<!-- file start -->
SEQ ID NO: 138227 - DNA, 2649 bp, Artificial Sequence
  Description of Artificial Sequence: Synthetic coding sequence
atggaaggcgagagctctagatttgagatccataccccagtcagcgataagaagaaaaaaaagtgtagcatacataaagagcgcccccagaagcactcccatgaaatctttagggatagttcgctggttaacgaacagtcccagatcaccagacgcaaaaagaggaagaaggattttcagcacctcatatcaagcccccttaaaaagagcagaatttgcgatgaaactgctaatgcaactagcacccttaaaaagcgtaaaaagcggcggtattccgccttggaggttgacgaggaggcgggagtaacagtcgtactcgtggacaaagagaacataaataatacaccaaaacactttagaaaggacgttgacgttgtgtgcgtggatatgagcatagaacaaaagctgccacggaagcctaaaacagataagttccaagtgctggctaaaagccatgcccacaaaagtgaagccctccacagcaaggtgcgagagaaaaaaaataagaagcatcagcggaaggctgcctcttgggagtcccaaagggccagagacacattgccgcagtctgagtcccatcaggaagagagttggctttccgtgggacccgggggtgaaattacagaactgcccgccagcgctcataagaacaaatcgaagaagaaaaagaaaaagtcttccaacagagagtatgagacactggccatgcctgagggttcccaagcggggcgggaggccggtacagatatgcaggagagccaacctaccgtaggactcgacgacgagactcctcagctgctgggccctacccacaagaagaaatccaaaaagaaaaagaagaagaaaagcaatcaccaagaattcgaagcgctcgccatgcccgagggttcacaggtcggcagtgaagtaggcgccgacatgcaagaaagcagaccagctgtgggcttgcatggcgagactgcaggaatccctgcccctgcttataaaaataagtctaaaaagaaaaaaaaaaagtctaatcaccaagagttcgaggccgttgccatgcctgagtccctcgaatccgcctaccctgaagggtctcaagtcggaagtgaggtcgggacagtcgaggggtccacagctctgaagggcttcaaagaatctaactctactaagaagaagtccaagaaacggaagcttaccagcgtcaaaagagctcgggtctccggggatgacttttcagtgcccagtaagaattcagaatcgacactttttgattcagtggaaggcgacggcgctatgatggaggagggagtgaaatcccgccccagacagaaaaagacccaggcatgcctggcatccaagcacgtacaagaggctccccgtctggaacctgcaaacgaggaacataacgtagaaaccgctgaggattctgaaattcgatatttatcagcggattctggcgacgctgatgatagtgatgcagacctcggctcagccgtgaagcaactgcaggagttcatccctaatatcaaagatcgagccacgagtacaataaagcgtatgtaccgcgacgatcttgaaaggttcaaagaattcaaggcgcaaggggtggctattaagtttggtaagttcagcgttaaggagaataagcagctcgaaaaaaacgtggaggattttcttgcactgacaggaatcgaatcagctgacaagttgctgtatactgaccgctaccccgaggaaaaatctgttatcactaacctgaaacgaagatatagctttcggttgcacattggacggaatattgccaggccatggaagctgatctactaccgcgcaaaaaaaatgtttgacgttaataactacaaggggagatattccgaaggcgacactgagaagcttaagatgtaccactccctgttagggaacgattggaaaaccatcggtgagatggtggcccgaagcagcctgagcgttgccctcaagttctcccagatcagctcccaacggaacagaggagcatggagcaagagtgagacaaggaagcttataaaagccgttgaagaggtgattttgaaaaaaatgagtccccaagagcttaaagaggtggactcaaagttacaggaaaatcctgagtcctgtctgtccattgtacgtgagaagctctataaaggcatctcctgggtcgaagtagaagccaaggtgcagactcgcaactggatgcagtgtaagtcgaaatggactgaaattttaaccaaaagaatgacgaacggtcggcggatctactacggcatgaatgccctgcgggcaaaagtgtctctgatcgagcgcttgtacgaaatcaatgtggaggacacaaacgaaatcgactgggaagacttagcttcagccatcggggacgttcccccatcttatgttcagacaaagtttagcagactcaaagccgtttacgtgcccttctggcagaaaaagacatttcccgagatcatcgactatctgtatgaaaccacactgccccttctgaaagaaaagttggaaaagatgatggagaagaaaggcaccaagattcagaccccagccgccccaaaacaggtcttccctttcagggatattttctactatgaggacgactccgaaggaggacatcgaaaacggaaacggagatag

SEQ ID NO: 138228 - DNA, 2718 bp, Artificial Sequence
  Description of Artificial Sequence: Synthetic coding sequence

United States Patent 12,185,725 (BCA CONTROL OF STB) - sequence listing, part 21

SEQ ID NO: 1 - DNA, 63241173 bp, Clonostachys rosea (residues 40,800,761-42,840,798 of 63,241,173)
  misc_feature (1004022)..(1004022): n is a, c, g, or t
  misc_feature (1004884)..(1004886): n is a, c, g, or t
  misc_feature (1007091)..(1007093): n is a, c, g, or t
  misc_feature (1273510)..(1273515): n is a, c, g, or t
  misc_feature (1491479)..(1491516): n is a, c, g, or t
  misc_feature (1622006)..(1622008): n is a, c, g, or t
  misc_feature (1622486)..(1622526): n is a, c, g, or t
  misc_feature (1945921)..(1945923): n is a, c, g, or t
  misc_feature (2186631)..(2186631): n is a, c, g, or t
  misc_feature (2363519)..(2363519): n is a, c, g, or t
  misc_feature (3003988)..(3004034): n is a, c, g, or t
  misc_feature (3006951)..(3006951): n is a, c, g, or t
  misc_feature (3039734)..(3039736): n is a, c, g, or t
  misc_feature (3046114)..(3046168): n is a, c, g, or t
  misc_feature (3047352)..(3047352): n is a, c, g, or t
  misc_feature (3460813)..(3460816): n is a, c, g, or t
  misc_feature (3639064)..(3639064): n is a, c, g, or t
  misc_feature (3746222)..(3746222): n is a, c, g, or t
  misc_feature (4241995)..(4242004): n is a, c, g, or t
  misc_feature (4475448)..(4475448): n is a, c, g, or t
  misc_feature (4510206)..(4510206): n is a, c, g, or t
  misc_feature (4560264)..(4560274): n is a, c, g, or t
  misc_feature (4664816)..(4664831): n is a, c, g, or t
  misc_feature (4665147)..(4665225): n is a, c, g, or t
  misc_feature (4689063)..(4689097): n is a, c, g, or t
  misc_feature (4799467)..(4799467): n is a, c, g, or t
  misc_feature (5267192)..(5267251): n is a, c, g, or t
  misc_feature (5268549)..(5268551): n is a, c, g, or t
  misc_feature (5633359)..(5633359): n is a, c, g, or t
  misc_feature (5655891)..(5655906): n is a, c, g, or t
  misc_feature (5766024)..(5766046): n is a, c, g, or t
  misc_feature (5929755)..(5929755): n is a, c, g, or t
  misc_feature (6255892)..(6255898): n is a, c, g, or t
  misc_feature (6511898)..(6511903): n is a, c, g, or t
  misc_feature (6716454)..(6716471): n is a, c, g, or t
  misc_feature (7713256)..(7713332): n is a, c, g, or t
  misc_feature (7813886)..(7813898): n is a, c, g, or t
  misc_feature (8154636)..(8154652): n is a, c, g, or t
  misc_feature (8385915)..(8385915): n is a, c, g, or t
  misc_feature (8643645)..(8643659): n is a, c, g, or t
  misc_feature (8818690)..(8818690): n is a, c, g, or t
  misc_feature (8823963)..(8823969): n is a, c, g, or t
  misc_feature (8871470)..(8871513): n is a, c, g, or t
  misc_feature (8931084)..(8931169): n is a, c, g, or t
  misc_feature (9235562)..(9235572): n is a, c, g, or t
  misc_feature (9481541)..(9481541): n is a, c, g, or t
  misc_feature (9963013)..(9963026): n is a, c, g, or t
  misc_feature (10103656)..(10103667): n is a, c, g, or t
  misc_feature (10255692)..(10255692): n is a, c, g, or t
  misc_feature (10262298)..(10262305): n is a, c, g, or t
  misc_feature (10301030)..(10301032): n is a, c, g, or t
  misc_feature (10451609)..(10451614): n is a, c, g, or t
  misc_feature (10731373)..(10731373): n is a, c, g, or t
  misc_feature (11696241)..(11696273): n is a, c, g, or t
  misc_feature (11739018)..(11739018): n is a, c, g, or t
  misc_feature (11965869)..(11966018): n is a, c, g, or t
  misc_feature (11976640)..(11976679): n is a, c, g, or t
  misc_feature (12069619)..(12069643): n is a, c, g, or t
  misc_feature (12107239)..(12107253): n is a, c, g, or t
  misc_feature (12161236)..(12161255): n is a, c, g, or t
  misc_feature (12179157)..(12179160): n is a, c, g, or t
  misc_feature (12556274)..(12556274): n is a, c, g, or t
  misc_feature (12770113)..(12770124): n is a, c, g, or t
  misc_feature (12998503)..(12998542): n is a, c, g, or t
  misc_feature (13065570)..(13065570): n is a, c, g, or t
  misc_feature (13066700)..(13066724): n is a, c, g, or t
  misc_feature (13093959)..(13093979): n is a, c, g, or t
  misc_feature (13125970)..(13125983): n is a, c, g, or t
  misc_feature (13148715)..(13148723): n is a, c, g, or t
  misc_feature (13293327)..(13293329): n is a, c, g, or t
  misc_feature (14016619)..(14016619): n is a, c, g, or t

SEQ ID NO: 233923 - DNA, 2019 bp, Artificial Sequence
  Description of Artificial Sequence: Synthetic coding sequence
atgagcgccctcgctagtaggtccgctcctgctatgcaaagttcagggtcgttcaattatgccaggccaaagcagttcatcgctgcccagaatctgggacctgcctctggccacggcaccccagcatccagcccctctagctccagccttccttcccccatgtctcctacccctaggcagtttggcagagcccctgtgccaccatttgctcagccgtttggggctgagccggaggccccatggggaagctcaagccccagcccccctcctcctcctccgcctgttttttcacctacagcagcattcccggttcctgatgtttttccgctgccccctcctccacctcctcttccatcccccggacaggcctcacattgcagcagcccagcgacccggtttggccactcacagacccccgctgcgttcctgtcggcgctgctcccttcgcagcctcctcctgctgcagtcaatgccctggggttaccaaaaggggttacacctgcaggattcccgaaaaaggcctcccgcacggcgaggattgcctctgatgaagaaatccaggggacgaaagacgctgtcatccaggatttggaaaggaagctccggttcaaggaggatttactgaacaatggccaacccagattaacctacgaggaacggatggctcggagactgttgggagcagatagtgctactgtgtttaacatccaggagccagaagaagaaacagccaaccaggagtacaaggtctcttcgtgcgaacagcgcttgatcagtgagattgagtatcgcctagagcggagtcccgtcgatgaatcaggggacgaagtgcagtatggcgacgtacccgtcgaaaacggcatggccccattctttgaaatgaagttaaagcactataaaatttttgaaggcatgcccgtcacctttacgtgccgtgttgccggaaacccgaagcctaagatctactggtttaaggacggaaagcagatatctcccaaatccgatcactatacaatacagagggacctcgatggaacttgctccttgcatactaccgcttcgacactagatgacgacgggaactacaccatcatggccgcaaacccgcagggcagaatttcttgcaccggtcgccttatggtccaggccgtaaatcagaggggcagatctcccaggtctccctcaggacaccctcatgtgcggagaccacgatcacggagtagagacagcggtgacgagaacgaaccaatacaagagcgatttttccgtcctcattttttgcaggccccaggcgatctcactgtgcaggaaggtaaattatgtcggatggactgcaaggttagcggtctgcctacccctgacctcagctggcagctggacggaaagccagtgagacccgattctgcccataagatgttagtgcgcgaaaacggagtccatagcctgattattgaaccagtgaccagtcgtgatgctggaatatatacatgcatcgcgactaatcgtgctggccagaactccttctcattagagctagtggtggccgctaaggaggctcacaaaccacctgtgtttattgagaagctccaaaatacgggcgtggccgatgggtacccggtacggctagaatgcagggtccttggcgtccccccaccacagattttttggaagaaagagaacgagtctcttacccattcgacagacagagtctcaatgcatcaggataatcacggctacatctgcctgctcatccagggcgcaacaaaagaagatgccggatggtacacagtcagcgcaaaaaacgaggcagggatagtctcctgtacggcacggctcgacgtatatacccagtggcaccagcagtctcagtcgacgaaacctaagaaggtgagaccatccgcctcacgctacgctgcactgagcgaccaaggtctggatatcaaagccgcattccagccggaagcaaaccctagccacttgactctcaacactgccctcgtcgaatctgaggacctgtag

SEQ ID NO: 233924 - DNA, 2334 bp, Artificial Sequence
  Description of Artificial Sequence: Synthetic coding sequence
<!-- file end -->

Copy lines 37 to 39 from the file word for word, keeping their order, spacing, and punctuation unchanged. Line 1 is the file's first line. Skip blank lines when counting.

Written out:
  misc_feature (5655891)..(5655906): n is a, c, g, or t
  misc_feature (5766024)..(5766046): n is a, c, g, or t
  misc_feature (5929755)..(5929755): n is a, c, g, or t